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Discussion Starter · #1 ·
I just sold a re-surface job, 940 sq. ft., boards on a diagonal. The current joists are set on 16 centers but the current deck boards are 2x4's, it sure looks busy. I am replacing the deck boards with Moisture Shield. He has three separate decks and I am just doing one to start there is another 620 square foot that needs attention.

I told the customer that I did not know or could I know what the deck framing looked like until we removed the existing deck boards. He knows we may have to make changes to the framing to bring it up to par. Since the composite will not span 24 inches I told him we would have to add joist between the existing ones.

Now here is my question is anyone using steel besides Robert or is Robert on line? What gauge galvanized steel stud would I need to use?
Turns out the cost of an 8 inch galvanized stud is less expensive that a
2x8 treated board, anyway. I was speaking with W.C. Litzinger of 911 Nails and he said I would need to use a 26 gauge stud for Nail Screws to hold.

Thank you for your input.
 

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In the first paragraph you said they were 16" oc.
What changed?

You could send Robert a pm.
 

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Discussion Starter · #3 ·
The current joist are on 16 centers but when you run a board on a 45 that increases the span to 24 inches. If your joists are spaced on 12 centers then diagonal boards would be on 16 centers, or there abouts.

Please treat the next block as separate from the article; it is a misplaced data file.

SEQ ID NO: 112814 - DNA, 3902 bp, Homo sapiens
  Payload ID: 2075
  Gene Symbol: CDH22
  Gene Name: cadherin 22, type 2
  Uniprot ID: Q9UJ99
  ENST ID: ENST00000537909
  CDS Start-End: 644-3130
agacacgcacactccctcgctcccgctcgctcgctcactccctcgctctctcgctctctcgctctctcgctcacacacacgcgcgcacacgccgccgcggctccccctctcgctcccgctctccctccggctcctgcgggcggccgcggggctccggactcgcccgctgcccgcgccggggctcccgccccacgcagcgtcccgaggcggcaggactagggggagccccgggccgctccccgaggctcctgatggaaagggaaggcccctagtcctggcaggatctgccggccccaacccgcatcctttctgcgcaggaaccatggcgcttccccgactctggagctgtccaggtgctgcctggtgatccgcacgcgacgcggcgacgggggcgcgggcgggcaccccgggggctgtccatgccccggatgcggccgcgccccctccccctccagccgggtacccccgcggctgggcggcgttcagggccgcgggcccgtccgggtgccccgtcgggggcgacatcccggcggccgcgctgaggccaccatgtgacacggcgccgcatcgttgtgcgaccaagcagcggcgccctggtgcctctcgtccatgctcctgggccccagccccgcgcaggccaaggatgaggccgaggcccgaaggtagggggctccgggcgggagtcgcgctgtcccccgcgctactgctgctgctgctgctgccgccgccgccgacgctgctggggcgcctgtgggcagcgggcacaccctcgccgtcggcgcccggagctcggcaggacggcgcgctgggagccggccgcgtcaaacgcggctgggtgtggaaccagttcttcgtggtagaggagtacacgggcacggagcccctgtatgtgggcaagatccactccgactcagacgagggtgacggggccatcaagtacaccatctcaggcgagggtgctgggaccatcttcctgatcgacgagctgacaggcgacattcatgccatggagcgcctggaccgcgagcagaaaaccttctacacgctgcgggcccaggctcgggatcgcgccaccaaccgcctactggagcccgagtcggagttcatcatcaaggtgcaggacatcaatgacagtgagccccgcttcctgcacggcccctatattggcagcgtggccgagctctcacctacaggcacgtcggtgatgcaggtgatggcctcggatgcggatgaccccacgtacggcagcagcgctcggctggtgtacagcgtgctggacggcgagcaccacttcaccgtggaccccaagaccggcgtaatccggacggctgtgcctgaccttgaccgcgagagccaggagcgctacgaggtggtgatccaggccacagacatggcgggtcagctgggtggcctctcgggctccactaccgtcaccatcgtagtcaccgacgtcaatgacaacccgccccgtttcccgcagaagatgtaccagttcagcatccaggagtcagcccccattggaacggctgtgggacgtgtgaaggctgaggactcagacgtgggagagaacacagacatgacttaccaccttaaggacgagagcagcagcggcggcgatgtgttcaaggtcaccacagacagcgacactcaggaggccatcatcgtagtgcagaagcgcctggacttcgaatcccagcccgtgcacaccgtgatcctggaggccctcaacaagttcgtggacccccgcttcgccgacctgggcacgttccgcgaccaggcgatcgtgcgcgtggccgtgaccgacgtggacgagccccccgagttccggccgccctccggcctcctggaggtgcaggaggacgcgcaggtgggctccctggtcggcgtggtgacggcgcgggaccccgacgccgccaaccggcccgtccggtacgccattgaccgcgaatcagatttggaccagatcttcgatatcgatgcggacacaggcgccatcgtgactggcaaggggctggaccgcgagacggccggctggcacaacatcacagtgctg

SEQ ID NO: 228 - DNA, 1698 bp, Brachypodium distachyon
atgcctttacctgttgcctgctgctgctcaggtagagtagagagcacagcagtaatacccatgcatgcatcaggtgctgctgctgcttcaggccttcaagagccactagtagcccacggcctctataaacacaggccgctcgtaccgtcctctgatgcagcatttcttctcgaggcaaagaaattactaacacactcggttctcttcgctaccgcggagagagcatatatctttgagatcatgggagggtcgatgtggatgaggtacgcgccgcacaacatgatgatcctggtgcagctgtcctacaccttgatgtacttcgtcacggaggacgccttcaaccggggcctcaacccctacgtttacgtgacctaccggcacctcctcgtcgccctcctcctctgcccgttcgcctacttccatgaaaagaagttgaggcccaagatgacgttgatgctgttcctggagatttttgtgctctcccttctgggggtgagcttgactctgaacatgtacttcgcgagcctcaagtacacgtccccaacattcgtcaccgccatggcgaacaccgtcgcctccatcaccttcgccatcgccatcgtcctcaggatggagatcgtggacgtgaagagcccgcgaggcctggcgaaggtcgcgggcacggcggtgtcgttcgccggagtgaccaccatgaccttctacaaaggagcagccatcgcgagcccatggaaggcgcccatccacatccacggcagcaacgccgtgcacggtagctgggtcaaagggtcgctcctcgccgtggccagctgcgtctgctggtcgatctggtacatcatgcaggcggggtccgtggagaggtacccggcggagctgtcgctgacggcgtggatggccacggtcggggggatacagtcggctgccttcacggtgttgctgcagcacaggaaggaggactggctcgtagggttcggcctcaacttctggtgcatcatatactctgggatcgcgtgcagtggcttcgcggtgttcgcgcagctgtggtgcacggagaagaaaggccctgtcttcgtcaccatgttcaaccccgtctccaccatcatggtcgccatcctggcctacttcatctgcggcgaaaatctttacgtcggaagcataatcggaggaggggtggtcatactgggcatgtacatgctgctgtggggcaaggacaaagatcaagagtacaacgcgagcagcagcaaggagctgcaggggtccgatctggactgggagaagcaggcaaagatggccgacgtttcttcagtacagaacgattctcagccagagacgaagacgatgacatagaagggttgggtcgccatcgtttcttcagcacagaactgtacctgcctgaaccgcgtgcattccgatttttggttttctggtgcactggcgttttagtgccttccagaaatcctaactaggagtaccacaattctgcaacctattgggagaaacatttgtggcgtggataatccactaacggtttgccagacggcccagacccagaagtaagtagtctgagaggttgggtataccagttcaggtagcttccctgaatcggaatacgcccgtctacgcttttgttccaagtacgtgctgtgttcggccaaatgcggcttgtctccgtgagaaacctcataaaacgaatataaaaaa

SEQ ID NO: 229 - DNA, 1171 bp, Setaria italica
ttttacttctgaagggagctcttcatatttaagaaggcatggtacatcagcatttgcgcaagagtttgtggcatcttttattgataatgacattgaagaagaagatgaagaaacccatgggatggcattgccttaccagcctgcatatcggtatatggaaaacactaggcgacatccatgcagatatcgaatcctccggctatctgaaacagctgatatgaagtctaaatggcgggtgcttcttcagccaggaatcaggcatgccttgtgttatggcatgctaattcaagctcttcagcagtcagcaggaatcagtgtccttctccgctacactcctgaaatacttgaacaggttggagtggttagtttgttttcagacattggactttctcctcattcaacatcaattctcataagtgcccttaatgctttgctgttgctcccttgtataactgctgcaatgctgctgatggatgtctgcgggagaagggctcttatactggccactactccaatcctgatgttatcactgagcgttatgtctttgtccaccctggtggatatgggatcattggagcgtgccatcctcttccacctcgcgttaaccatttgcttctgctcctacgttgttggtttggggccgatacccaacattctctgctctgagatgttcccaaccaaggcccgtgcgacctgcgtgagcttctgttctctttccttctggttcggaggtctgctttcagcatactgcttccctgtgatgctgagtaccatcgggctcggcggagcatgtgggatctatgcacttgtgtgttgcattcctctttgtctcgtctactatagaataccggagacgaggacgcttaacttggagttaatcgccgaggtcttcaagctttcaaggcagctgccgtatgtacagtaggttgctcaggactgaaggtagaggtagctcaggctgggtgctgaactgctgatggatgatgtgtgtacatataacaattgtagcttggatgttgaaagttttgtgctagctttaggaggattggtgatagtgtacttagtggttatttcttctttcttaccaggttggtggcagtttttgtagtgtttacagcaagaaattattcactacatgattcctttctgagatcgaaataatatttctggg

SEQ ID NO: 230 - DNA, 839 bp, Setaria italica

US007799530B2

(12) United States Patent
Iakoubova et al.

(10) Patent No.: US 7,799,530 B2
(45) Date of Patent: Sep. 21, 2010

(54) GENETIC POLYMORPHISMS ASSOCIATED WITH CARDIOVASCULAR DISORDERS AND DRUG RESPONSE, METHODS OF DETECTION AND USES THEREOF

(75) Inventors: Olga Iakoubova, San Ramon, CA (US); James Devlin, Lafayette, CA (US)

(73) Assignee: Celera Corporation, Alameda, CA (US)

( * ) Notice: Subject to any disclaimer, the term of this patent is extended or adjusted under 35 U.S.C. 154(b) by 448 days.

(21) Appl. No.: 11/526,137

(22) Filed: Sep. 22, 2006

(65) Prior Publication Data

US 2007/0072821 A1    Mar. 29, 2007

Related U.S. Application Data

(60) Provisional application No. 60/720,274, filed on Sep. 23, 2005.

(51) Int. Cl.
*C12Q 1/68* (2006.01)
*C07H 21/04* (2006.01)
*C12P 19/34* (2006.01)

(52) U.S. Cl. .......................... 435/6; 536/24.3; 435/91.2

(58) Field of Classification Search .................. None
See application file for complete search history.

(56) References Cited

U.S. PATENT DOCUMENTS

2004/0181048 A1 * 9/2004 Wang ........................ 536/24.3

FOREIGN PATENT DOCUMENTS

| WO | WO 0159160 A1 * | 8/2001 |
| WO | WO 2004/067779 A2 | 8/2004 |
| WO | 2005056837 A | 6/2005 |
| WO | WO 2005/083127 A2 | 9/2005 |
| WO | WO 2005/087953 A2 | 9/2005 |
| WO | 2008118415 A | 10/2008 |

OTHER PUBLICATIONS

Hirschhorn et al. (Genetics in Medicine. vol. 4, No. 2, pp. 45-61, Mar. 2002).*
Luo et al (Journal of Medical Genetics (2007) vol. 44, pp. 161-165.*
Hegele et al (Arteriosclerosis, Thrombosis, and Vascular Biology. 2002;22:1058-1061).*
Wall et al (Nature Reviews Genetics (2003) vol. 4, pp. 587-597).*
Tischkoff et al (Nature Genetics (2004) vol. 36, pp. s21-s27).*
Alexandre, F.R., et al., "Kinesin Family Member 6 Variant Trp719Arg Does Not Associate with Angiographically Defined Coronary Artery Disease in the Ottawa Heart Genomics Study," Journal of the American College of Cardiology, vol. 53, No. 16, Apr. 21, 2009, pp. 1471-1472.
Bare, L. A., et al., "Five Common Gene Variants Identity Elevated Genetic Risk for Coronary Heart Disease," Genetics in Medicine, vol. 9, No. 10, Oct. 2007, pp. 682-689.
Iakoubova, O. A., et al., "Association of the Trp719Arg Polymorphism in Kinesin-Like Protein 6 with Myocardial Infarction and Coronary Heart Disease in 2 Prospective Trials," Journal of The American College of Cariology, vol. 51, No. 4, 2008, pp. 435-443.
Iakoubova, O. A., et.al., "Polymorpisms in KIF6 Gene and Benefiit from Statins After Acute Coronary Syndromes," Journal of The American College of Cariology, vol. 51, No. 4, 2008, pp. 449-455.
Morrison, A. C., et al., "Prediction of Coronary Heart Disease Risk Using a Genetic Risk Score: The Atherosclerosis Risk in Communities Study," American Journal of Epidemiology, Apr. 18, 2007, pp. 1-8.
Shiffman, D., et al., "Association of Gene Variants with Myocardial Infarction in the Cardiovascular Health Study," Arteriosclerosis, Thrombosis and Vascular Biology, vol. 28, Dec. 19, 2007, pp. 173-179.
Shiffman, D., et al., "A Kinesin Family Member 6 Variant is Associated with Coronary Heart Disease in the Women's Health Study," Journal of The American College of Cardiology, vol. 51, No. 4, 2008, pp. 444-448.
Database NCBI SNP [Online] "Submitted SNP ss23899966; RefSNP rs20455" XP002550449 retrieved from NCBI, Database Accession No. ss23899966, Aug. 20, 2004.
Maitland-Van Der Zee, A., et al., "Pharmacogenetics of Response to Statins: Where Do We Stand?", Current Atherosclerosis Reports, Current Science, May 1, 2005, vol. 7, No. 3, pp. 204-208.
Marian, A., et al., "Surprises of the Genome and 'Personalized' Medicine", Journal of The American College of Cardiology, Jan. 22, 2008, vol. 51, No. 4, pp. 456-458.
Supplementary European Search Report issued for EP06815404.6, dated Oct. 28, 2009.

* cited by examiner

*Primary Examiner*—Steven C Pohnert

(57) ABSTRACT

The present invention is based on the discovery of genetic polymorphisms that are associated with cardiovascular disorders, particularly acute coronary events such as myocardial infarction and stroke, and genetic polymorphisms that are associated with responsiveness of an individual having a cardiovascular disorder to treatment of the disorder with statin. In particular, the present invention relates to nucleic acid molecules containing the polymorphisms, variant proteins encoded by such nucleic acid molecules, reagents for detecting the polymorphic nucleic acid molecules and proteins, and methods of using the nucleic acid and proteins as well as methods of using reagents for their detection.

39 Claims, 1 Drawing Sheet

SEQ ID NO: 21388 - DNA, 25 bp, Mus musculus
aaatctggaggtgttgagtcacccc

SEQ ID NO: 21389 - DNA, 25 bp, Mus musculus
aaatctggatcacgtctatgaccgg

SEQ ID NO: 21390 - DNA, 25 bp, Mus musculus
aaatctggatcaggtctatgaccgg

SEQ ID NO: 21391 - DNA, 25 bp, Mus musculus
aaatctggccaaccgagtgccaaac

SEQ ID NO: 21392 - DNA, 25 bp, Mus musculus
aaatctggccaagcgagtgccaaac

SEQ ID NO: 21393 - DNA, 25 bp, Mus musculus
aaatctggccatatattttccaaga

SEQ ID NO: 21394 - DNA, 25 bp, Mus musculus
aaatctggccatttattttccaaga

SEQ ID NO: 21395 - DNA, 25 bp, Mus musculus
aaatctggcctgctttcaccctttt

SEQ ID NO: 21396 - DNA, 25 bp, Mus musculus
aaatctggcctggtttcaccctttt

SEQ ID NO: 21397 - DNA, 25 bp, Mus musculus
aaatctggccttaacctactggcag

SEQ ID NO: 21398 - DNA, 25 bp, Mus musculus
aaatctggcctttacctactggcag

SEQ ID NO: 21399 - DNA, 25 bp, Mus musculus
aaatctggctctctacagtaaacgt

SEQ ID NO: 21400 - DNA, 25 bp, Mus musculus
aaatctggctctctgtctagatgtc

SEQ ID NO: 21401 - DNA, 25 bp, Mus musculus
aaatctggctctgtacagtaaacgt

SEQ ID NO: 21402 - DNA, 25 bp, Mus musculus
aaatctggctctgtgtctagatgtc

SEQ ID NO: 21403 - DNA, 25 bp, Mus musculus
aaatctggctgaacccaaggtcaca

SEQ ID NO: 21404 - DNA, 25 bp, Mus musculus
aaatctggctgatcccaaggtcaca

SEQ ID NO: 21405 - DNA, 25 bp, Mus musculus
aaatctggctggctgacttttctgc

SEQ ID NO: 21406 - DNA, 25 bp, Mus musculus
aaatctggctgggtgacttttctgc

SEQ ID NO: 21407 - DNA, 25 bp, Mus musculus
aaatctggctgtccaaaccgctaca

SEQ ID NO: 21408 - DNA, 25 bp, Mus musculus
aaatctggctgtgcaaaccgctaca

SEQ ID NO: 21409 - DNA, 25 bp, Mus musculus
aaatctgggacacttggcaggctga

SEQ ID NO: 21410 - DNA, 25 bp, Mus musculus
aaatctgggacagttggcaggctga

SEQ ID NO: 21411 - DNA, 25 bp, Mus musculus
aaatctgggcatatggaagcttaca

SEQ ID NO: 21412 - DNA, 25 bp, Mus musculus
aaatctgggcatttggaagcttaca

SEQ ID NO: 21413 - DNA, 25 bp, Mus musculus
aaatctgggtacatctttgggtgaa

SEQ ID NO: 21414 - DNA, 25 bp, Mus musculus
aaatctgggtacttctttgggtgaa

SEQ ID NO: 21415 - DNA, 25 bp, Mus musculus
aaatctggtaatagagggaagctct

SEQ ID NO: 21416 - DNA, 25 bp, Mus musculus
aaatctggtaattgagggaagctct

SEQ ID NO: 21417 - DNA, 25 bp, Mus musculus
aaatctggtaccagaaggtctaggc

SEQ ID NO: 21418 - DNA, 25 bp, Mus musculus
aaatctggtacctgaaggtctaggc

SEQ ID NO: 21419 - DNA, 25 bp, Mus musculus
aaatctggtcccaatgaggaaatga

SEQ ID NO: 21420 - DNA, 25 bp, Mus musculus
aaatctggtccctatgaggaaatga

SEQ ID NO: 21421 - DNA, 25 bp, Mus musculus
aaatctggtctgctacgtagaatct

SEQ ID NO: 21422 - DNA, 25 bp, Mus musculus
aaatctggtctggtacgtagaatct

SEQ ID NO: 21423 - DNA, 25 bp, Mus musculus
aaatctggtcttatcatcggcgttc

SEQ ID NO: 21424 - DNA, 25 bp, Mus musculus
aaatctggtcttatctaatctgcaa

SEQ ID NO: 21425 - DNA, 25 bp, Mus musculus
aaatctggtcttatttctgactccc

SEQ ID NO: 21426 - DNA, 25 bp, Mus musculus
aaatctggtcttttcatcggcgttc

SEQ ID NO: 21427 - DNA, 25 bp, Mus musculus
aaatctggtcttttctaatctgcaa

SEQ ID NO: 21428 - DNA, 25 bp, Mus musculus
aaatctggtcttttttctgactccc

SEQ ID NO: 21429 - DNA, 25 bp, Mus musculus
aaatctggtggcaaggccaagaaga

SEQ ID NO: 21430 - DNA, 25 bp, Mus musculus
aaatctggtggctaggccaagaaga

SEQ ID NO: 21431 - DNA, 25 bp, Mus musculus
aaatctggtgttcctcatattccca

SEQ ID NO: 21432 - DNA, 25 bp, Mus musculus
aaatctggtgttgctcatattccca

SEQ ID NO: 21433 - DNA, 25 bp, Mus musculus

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I just sold a re-surface job, 940 sq. ft., boards on a diagonal. The current joists are set on 16 centers but the current deck boards are 2x4's, it sure looks busy. I am replacing the deck boards with Moisture Shield. He has three separate decks and I am just doing one to start there is another 620 square foot that needs attention.

I told the customer that I did not know or could I know what the deck framing looked like until we removed the existing deck boards. He knows we may have to make changes to the framing to bring it up to par. Since the composite will not span 24 inches I told him we would have to add joist between the existing ones.

Now here is my question is anyone using steel besides Robert or is Robert on line? What gauge galvanized steel stud would I need to use?
Turns out the cost of an 8 inch galvanized stud is less expensive that a
2x8 treated board, anyway. I was speaking with W.C. Litzinger of 911 Nails and he said I would need to use a 26 gauge stud for Nail Screws to hold.

Thank you for your input.
You sure he didn't mean 16ga? 26ga is useless. Joist spans of 12' is about as far as I go with 8" 16ga steel. I'd have a hard time doing every other joists with steel & wood... It would just be odd.
 

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You sure he didn't mean 16ga? 26ga is useless. Joist spans of 12' is about as far as I go with 8" 16ga steel. I'd have a hard time doing every other joists with steel & wood... It would just be odd.